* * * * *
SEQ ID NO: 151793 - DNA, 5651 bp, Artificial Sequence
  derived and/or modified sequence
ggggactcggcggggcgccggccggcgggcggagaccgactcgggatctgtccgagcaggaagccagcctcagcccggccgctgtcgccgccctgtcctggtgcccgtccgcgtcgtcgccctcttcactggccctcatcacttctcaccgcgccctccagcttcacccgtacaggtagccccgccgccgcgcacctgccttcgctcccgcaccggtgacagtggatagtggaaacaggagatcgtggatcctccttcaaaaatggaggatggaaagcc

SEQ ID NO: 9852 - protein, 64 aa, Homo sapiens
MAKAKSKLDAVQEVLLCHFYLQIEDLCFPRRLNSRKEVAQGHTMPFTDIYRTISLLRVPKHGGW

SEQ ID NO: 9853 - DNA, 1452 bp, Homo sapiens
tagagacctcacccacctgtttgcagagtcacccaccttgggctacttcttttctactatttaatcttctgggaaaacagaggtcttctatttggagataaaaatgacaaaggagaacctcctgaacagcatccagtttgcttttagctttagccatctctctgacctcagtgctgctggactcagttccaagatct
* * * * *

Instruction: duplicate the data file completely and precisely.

SEQ ID NO: 151793 - DNA, 5651 bp, Artificial Sequence
  derived and/or modified sequence
ggggactcggcggggcgccggccggcgggcggagaccgactcgggatctgtccgagcaggaagccagcctcagcccggccgctgtcgccgccctgtcctggtgcccgtccgcgtcgtcgccctcttcactggccctcatcacttctcaccgcgccctccagcttcacccgtacaggtagccccgccgccgcgcacctgccttcgctcccgcaccggtgacagtggatagtggaaacaggagatcgtggatcctccttcaaaaatggaggatggaaagcc

SEQ ID NO: 9852 - protein, 64 aa, Homo sapiens
MAKAKSKLDAVQEVLLCHFYLQIEDLCFPRRLNSRKEVAQGHTMPFTDIYRTISLLRVPKHGGW

SEQ ID NO: 9853 - DNA, 1452 bp, Homo sapiens
tagagacctcacccacctgtttgcagagtcacccaccttgggctacttcttttctactatttaatcttctgggaaaacagaggtcttctatttggagataaaaatgacaaaggagaacctcctgaacagcatccagtttgcttttagctttagccatctctctgacctcagtgctgctggactcagttccaagatct